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How Often Do You Get A Kick From Champagne?

2011 March 1
by Mike

I recently wrote a Slate column bemoaning the fact that Champagne has been so thoroughly pigeonholed as a seasonal/celebratory tipple and asking what it would take to get people to start treating it as a regular wine—to drink it more frequently, and with meals. I suggested that grower Champagnes, with their strong vinous character and emphasis on site expression, particularly demand to be approached this way. One point I did not make in the article is that I think that for the grower movement to ultimately succeed, a critical mass of consumers needs to be persuaded to look at Champagne in a new light—to drink it more often, to care about differences between individual sites, and to give it the kind of contemplation that they give other wines. The big idea driving the movement is that the vast Champagne appellation is not one contiguous terroir, that there are meaningful distinctions within and between the region’s many vineyards and that these distinctions are worth exploring—not only by winemakers, but by wine drinkers. But unless enough wine drinkers can be convinced to do that, I think the farmer fizz revolution, which has gone such a long way towards redefining Champagne, is destined to remain incomplete.

So I’m curious to know: How often do you drink Champagne? Do you drink it only as an aperitif, or do you sometimes serve it with meals? Do you care about what distinguishes, say, Aÿ from Avize, or is that a level of detail that doesn’t interest you when it comes to Champagne? If any retailers are reading, I’d love to get your views, too. How tough is it to sell Champagne outside the month of December? Do you see any indication that consumers are beginning to take Champagne more seriously—are they buying it more often, are they more inclined to drink it with food, are they expressing curiosity about individual terroirs? Or is it still seen as just a frivolous beverage that you uncork on holidays and special occasions?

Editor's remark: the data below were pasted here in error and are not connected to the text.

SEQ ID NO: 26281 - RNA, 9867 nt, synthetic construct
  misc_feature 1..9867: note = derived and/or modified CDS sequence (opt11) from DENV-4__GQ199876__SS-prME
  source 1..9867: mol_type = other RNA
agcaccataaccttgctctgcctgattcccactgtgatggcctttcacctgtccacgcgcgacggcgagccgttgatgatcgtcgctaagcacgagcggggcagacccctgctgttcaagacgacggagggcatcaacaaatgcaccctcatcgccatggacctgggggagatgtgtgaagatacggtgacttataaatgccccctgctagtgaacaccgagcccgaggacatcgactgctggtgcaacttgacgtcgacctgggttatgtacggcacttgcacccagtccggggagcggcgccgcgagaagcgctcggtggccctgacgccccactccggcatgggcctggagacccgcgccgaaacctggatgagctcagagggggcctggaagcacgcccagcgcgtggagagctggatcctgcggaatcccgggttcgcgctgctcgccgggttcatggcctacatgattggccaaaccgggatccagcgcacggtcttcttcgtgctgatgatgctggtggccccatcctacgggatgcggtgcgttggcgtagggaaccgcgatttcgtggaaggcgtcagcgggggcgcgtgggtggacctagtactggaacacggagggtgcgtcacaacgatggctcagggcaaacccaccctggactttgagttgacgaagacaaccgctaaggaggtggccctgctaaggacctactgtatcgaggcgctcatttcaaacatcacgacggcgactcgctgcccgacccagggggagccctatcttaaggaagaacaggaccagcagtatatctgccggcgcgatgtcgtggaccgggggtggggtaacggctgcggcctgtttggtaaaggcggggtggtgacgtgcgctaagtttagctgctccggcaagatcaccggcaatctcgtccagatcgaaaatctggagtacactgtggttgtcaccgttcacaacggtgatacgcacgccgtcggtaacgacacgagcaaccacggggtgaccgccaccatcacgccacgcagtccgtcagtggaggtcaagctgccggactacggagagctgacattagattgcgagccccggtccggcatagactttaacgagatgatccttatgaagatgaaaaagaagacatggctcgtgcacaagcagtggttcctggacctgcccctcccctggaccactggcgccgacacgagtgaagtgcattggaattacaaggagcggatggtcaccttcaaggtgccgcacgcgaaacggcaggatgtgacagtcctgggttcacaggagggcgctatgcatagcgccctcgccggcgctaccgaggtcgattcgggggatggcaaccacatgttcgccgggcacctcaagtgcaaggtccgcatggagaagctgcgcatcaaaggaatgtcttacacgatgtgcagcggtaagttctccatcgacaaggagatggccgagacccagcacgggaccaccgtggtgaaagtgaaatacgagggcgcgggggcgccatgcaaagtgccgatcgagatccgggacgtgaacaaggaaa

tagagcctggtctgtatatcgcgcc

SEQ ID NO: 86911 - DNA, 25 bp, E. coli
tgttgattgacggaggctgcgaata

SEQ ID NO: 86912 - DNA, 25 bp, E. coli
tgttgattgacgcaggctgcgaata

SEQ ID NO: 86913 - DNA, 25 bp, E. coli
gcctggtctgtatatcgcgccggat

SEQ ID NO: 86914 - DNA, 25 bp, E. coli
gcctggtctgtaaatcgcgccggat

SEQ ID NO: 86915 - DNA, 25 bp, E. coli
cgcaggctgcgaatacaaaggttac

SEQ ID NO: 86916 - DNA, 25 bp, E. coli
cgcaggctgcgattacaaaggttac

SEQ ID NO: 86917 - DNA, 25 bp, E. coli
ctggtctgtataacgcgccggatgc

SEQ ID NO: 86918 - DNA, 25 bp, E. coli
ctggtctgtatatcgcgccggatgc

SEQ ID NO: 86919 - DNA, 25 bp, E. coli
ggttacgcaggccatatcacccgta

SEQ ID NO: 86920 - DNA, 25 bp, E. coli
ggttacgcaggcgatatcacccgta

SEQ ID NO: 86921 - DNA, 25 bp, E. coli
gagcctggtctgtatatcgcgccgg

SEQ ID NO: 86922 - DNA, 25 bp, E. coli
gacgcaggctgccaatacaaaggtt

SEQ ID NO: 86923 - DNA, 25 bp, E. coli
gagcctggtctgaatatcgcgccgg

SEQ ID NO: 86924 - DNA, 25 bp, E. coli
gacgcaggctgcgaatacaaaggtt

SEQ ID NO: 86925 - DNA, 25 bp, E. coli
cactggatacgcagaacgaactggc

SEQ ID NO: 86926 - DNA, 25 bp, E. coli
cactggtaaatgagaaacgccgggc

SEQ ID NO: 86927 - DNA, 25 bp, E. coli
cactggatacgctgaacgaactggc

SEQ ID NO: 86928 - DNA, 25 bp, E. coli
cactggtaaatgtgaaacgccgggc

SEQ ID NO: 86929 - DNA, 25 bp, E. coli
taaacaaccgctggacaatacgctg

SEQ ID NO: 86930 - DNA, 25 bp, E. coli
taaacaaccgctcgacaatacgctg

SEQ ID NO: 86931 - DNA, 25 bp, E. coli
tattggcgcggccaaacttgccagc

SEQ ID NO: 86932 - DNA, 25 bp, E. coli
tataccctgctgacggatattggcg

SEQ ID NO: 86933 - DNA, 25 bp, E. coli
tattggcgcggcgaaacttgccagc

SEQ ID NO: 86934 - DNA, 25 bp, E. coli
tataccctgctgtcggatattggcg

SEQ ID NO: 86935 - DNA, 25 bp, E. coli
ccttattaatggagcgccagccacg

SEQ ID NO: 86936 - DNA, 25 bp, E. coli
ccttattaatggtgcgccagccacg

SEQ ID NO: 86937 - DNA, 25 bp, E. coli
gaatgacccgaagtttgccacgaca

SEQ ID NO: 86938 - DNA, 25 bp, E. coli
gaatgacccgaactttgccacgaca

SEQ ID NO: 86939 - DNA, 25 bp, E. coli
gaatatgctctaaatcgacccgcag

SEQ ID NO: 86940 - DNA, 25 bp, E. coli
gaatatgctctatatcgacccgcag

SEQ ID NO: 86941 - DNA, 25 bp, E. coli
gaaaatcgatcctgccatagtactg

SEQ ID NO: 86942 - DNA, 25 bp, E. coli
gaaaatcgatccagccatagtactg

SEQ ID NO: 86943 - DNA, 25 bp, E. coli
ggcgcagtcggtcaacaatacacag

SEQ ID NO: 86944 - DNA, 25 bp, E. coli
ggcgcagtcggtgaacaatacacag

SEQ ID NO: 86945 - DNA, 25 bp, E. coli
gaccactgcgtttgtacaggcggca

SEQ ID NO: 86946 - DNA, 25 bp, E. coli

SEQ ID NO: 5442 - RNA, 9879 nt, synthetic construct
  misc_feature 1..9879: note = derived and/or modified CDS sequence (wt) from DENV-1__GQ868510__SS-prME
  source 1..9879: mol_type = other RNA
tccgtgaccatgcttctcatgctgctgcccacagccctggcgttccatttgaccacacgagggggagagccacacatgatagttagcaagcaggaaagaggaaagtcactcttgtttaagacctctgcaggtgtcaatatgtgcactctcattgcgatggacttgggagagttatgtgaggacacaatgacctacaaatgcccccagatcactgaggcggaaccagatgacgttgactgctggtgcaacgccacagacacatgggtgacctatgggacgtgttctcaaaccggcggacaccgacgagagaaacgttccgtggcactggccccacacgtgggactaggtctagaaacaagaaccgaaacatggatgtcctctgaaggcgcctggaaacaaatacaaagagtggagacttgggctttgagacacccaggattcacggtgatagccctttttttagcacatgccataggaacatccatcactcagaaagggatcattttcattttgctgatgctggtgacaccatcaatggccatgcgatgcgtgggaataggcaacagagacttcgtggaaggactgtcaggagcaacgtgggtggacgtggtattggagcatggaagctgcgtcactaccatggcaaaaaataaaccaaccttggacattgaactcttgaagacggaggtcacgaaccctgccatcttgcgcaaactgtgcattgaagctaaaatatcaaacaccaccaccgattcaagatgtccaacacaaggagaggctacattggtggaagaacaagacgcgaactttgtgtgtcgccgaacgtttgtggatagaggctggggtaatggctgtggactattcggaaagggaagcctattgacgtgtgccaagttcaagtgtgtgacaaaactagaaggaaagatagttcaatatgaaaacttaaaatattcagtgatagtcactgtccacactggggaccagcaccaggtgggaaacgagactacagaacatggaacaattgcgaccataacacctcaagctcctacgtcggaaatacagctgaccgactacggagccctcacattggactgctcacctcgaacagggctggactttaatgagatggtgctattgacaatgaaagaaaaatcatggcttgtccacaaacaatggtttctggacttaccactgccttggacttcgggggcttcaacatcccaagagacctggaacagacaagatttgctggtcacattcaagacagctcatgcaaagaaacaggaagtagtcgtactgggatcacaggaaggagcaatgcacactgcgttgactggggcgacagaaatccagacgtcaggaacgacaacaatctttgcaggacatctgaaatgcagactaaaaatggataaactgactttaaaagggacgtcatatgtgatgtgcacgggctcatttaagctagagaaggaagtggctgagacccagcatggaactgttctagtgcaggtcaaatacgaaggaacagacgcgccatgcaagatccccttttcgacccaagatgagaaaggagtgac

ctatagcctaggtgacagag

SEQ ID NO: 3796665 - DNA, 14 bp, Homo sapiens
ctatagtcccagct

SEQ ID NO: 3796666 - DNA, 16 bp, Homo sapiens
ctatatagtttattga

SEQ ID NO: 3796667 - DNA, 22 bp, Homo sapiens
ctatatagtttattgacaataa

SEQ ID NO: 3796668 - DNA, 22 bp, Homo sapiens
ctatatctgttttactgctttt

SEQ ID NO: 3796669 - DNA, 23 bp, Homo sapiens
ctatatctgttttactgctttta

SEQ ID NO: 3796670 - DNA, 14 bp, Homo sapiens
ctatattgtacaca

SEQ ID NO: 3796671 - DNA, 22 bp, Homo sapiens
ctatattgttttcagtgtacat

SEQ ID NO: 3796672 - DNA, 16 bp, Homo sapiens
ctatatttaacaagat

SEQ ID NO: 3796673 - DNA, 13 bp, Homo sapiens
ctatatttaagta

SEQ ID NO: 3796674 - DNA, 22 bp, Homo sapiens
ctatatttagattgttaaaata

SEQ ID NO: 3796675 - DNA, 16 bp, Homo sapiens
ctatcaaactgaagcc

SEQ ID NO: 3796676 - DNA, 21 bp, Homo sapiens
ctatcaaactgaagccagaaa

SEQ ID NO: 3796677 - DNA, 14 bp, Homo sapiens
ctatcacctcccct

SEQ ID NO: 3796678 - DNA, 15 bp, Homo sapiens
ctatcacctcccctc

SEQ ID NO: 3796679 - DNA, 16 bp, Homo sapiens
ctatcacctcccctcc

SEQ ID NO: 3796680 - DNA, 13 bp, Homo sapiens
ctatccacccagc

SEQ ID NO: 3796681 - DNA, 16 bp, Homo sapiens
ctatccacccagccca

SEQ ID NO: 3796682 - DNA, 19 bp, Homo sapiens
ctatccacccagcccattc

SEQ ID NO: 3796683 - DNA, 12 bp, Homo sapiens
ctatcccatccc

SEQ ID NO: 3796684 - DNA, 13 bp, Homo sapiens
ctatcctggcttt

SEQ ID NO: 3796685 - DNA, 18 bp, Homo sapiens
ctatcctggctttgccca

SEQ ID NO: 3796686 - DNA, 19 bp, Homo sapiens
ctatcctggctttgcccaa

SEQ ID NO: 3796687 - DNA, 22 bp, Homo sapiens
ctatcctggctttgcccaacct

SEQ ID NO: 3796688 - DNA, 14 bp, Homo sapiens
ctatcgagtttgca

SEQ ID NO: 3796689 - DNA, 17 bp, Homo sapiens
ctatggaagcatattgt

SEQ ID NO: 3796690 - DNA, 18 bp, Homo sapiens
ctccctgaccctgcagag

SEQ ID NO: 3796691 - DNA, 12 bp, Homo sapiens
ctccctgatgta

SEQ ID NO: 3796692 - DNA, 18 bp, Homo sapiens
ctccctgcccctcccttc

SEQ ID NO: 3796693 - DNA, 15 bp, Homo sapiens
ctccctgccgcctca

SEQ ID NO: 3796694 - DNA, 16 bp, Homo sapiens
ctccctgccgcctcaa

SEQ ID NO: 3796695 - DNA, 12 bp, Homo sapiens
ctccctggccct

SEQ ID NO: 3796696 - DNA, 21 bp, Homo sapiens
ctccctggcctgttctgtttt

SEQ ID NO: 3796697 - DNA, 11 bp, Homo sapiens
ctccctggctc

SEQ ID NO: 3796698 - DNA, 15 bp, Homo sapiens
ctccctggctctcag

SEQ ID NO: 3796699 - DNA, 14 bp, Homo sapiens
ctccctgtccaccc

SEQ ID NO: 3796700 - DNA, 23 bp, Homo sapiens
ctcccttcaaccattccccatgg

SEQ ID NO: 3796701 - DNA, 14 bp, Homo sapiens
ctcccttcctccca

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  13. March 7, 2011

    Glad you posted this! Sparklers are so underrated. We recently decided to drink sparklers on a weekly basis (Fridays). We’re exploring a sparklers from various price points, from various regions around the world, and very much enjoying it. We drink it both as an aperitif, and with meals because it’s so food friendly!

  14. March 3, 2011

    Mike-

    You should try Pinon, too. Less than $20 and excellent. There are three bottlings, the Brut, a non-dosé, and a (rare) rosé from grolleau.

  15. March 3, 2011

    Steve,

    I think you are right; Champagne with meals is just an alien concept for many people. Again, I think Champagne’s image is also its straightjacket, and it is a very difficult one to escape. I like the idea of converting people one dinner party at a time, and I’m going to try to do that myself. And great line about the Hennessy VS–and so true!

    Mike

  16. March 3, 2011

    Bill,

    I would love to taste those ancient Veuves; I hear Yellow Label was really good back then :)

    Good points all. I think many sommeliers would like to see Champagne “normalized,” but as Bernie Sun told me, it’s a tough sell. As for the Champagne houses–they pay lip service to the idea that Champagne should be a year-round drink and a food wine, but as you note, their advertising suggests otherwise. And, frankly, it’s not as if their businesses are hurting; they certainly don’t have a pressing need to try to re-brand Champagne.